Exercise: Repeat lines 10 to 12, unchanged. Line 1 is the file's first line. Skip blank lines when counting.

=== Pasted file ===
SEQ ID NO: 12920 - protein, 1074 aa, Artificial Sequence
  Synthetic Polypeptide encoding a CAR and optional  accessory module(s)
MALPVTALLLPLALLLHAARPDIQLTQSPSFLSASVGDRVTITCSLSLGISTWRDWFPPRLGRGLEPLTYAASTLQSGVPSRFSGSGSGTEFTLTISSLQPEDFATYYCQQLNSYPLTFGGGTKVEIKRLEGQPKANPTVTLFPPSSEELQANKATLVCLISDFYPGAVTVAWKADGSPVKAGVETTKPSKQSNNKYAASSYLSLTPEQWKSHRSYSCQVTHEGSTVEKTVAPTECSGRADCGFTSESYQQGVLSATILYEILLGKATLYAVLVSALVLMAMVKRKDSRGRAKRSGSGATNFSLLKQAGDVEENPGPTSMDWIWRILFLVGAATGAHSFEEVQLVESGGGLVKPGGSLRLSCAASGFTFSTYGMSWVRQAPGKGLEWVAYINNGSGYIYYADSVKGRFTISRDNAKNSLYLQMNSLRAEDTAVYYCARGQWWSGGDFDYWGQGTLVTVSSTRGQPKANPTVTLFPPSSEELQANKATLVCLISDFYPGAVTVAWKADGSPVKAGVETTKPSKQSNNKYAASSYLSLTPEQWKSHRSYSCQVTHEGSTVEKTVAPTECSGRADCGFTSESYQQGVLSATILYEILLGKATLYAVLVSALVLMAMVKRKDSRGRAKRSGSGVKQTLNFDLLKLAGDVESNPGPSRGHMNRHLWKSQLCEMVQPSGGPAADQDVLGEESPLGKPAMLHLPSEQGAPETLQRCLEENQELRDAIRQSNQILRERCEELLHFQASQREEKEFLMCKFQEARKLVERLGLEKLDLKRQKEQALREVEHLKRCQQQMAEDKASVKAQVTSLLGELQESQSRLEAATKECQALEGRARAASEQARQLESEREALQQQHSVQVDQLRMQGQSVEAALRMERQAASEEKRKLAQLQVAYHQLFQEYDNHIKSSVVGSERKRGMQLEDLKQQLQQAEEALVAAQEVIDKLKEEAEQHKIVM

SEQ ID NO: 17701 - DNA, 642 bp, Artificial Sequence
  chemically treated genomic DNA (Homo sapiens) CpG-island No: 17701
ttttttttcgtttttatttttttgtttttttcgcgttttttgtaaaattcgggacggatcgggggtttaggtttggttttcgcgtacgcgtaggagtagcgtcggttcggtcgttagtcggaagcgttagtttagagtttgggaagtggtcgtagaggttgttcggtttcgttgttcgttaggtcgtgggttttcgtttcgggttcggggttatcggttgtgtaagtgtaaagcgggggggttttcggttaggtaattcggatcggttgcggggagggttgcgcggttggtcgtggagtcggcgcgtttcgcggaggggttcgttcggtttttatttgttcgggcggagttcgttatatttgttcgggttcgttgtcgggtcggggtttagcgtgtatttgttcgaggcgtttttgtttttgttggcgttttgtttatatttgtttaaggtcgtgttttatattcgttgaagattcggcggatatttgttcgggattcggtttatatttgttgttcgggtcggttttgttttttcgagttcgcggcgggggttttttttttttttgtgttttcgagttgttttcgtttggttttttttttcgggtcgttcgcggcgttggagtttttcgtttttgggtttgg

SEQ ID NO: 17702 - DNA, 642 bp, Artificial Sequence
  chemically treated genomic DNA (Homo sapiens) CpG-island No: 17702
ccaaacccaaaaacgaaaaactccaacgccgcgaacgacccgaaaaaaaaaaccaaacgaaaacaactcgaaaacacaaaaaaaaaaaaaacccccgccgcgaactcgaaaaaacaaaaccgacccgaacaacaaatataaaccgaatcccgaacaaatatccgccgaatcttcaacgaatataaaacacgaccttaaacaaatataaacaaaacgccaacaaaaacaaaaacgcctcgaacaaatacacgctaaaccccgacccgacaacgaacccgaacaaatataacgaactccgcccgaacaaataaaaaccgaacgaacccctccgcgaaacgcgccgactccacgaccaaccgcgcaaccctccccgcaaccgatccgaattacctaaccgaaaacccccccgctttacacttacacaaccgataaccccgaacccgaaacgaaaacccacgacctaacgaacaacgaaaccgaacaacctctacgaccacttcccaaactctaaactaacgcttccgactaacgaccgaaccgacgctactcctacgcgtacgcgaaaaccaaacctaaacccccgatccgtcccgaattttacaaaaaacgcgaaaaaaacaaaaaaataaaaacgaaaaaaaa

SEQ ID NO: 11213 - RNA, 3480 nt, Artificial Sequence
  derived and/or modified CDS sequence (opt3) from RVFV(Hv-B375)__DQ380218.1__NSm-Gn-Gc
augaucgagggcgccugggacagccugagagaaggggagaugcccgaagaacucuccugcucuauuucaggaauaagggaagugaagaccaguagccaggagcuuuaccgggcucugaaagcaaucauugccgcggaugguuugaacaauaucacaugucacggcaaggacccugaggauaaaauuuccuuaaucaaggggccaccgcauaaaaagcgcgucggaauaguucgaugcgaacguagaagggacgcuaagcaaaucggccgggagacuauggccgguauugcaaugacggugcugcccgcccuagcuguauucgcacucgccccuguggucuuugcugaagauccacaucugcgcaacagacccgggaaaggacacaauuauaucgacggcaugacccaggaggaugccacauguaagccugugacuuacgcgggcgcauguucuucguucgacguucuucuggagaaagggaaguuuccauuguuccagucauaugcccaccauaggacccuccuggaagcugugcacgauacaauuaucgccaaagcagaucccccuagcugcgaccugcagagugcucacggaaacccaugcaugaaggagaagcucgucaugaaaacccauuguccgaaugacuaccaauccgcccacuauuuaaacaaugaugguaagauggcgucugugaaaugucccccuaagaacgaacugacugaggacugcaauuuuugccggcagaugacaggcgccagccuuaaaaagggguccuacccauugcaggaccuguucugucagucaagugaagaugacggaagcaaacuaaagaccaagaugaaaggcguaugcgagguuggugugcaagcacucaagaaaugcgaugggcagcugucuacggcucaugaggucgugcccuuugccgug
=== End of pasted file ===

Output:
SEQ ID NO: 11213 - RNA, 3480 nt, Artificial Sequence
  derived and/or modified CDS sequence (opt3) from RVFV(Hv-B375)__DQ380218.1__NSm-Gn-Gc
augaucgagggcgccugggacagccugagagaaggggagaugcccgaagaacucuccugcucuauuucaggaauaagggaagugaagaccaguagccaggagcuuuaccgggcucugaaagcaaucauugccgcggaugguuugaacaauaucacaugucacggcaaggacccugaggauaaaauuuccuuaaucaaggggccaccgcauaaaaagcgcgucggaauaguucgaugcgaacguagaagggacgcuaagcaaaucggccgggagacuauggccgguauugcaaugacggugcugcccgcccuagcuguauucgcacucgccccuguggucuuugcugaagauccacaucugcgcaacagacccgggaaaggacacaauuauaucgacggcaugacccaggaggaugccacauguaagccugugacuuacgcgggcgcauguucuucguucgacguucuucuggagaaagggaaguuuccauuguuccagucauaugcccaccauaggacccuccuggaagcugugcacgauacaauuaucgccaaagcagaucccccuagcugcgaccugcagagugcucacggaaacccaugcaugaaggagaagcucgucaugaaaacccauuguccgaaugacuaccaauccgcccacuauuuaaacaaugaugguaagauggcgucugugaaaugucccccuaagaacgaacugacugaggacugcaauuuuugccggcagaugacaggcgccagccuuaaaaagggguccuacccauugcaggaccuguucugucagucaagugaagaugacggaagcaaacuaaagaccaagaugaaaggcguaugcgagguuggugugcaagcacucaagaaaugcgaugggcagcugucuacggcucaugaggucgugcccuuugccgug